|These projects were designed to examine: 1) the effect of the different treatments on the diversity, abundance and microhabitat selection of breeding birds and small mammals; 2) determine if maintaining mature forest habitat by partial cutting continues to support bird and mammal species typical of mid- to late-seral stands and, 3) to understand how birds and small mammals respond to changes in stand structure.|
|Red-backed vole (Clethrionomys gapperi)|
|Lincoln's sparrow (Melospiza lincolnii)|
Steventon, J.D., MacKenzie, K., and Mahon, T. 1998. Response of small mammals and birds to partial cutting vs clearcutting in northwest British Columbia. For. Chronicle, 74:703-713.
Abstract: A challenge facing forest managers is providing habitat for wildlife that are associated with mature or old-growth forests while minimizing reductions in timber supply. One approach is to use partial cutting which maintains forest cover while still allowing for timber harvest. We compared small mammal (mice, voles and shrews) and bird abundance after 2 intensities of partial cutting (30% and 60% volume removal) in previously unmanaged stands, to clearcuts and uncut natural stands in coast-interior transitional forests in north-western British Columbia. The 30% removal showed no significant difference in the bird community compared to the unmanaged stands, while the southern red-backed vole (Clethrionomys gapperi) increased in abundance. The 60% removal treatment was still closer to the unmanaged forest in bird and small mammal community structure then to the clearcuts, but began to include species typical of clearcuts such as the meadow vole (Microtus pennsylvanicus) and Lincoln’s Sparrow (Melospiza lincolnii). At least one bird species, the Yellow-rumped Warbler (Dendroica coronata) preferred the 60% removal treatment. Several species were most abundant in clearcuts, and scattered aspen and birch trees left in 2 clearcuts were used as nesting sites by cavity nesting birds such as the Red-breasted Sapsucker (Sphyrapicus ruber) and Tree Swallow (Tachycineta bicolor). We conclude that both partial cutting treatments maintained a significant component of the mature forest small mammal and bird communities, although the heavy removal was beginning to show a shift towards early seral species. Since no single treatment is optimal for all species, we recommend that partial cutting be considered as part of a landscape strategy to provide a range of forest habitats similar to those occurring under natural disturbance regimes.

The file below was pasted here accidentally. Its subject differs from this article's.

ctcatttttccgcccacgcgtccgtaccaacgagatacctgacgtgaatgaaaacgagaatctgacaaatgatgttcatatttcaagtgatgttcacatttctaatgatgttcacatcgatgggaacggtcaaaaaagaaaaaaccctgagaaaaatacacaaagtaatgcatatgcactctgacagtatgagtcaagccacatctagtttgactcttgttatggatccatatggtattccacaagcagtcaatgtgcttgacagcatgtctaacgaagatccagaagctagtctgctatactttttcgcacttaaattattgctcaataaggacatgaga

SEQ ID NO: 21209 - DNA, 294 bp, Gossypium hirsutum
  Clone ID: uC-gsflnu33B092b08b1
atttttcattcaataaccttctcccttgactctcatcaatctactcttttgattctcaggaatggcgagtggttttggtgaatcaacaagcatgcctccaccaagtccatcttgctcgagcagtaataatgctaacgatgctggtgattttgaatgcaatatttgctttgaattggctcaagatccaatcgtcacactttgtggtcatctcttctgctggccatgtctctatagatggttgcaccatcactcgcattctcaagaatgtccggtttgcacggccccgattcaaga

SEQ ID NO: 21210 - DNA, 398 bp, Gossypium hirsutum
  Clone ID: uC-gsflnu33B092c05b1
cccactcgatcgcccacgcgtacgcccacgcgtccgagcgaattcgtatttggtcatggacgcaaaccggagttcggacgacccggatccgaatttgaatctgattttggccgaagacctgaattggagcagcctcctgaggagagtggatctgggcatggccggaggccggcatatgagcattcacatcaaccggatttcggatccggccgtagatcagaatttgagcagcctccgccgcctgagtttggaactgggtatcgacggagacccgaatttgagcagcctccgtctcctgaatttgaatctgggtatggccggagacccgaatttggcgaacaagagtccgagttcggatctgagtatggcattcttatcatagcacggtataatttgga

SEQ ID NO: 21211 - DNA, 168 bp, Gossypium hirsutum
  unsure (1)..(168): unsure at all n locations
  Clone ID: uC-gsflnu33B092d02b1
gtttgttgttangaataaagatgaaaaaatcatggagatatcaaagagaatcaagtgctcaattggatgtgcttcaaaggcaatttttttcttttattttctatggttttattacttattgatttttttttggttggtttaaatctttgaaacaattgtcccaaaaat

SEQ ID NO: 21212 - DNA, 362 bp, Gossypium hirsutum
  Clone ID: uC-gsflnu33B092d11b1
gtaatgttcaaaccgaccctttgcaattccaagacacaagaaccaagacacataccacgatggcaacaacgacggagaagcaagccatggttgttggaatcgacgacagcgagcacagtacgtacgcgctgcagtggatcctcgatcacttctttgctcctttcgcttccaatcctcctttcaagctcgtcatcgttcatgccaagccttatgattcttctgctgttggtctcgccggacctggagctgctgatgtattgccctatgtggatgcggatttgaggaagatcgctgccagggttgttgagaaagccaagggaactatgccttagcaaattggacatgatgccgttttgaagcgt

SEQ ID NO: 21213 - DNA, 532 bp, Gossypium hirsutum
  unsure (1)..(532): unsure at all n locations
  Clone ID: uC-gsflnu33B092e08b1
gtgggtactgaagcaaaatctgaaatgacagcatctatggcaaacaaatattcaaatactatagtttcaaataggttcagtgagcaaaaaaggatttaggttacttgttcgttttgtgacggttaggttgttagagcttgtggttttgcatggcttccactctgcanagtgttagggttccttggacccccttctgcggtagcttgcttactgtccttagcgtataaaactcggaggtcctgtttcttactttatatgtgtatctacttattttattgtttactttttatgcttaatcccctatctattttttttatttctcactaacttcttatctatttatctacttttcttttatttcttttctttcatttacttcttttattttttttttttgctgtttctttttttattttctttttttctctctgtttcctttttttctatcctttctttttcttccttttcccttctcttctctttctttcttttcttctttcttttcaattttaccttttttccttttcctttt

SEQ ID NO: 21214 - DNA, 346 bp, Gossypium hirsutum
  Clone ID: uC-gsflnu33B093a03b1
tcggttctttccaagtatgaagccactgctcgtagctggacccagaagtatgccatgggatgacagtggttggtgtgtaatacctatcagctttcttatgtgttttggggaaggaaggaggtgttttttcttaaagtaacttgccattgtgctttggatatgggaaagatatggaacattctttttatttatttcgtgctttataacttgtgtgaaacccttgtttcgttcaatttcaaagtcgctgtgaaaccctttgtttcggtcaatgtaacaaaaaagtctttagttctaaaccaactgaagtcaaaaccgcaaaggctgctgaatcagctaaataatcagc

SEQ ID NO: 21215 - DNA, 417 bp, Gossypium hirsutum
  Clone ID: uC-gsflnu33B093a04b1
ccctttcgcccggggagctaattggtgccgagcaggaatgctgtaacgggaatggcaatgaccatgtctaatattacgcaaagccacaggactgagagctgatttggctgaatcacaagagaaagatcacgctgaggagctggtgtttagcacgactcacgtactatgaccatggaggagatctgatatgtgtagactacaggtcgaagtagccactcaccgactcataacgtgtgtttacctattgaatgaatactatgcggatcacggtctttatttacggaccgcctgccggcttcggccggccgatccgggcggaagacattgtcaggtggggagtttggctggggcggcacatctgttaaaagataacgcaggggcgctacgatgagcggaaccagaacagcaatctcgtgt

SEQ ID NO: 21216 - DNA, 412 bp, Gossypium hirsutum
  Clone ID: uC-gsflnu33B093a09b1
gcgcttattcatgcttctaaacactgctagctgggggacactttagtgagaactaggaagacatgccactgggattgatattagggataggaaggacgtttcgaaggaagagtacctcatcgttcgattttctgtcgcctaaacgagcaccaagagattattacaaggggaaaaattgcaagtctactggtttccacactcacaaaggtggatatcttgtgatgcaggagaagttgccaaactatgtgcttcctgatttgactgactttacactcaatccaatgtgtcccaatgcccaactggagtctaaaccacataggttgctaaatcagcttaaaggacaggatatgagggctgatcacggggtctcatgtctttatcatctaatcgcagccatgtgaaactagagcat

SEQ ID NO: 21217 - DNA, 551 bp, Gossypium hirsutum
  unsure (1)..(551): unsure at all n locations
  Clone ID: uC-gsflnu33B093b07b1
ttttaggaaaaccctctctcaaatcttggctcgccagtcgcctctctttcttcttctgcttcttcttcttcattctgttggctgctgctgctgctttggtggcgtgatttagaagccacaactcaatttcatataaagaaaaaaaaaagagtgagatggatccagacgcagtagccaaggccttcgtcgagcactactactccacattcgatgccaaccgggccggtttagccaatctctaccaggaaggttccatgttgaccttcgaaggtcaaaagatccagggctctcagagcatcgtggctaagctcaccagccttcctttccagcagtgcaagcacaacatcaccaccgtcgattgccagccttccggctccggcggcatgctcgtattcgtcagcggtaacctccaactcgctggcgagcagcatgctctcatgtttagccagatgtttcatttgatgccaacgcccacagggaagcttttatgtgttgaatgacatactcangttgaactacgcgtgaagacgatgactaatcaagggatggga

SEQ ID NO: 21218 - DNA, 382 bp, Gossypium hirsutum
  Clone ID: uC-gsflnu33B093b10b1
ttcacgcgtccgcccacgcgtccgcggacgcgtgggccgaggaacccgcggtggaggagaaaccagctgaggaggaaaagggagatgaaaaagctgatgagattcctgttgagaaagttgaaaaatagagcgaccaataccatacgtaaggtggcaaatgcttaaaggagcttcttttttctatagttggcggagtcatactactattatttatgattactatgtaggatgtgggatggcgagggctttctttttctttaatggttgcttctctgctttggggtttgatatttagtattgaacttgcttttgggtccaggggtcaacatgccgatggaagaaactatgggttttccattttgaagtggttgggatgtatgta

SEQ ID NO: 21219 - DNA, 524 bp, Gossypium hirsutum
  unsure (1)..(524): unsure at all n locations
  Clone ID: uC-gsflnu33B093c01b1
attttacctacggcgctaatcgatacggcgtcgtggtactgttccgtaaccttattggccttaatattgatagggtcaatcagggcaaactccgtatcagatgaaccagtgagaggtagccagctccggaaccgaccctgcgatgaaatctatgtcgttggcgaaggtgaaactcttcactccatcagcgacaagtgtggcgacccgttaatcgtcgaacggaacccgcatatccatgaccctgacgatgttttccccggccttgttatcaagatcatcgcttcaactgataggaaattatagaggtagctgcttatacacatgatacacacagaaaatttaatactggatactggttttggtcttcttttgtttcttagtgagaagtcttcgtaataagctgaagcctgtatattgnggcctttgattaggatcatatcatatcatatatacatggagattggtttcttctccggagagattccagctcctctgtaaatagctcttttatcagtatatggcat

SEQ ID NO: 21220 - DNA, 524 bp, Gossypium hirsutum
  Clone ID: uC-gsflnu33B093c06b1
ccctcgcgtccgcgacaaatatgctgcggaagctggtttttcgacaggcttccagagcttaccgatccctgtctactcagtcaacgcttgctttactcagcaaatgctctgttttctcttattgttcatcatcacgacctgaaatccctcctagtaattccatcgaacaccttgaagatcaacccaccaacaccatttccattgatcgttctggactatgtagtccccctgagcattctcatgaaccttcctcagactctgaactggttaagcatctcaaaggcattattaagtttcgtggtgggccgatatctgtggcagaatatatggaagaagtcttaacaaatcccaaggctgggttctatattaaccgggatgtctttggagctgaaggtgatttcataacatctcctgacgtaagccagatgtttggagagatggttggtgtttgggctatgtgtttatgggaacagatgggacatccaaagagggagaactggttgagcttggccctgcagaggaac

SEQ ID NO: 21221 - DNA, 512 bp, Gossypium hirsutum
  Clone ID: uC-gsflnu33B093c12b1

Steventon, J.D., Ott, P.K. and MacKenzie, K. 1999. Effect of partial cutting on predation risk to artificial bird nests. Can. J. For. Res., Vol.29(12) 1911-1915.
Abstract: Based on relative abundance data,
partial cutting has been suggested as a technique to maintain habitat for
birds associated with late-seral forests, but there has been little study
of partial cutting effects on nesting success. One of the primary limitations
to nesting success is nest predation. We compared predation rates (proportion
of nests disturbed in a 14-day period) in partially cut (30 or 60% basal
area removal), clearcut, and uncut forests in northwestern British Columbia,
in two experiments using ground-placed (1993) and shrub-placed (1998) artificial
nests. In the ground-nest experiment there was a very low predation rate
(0.06) and no detectable difference among treatments (p = 0.403). In the
shrub-nest experiment, there was a 0.36 predation rate and little evidence
of treatment differences (p = 0.295). Based on 90% confidence intervals
for differences in observed predation rate, the 30% removal clearly did
not increase predation risk relative to uncut forest. With the 60% removal,
however, we cannot rule out a possible increase in predation risk compared
with either uncut forest or clearcuts.
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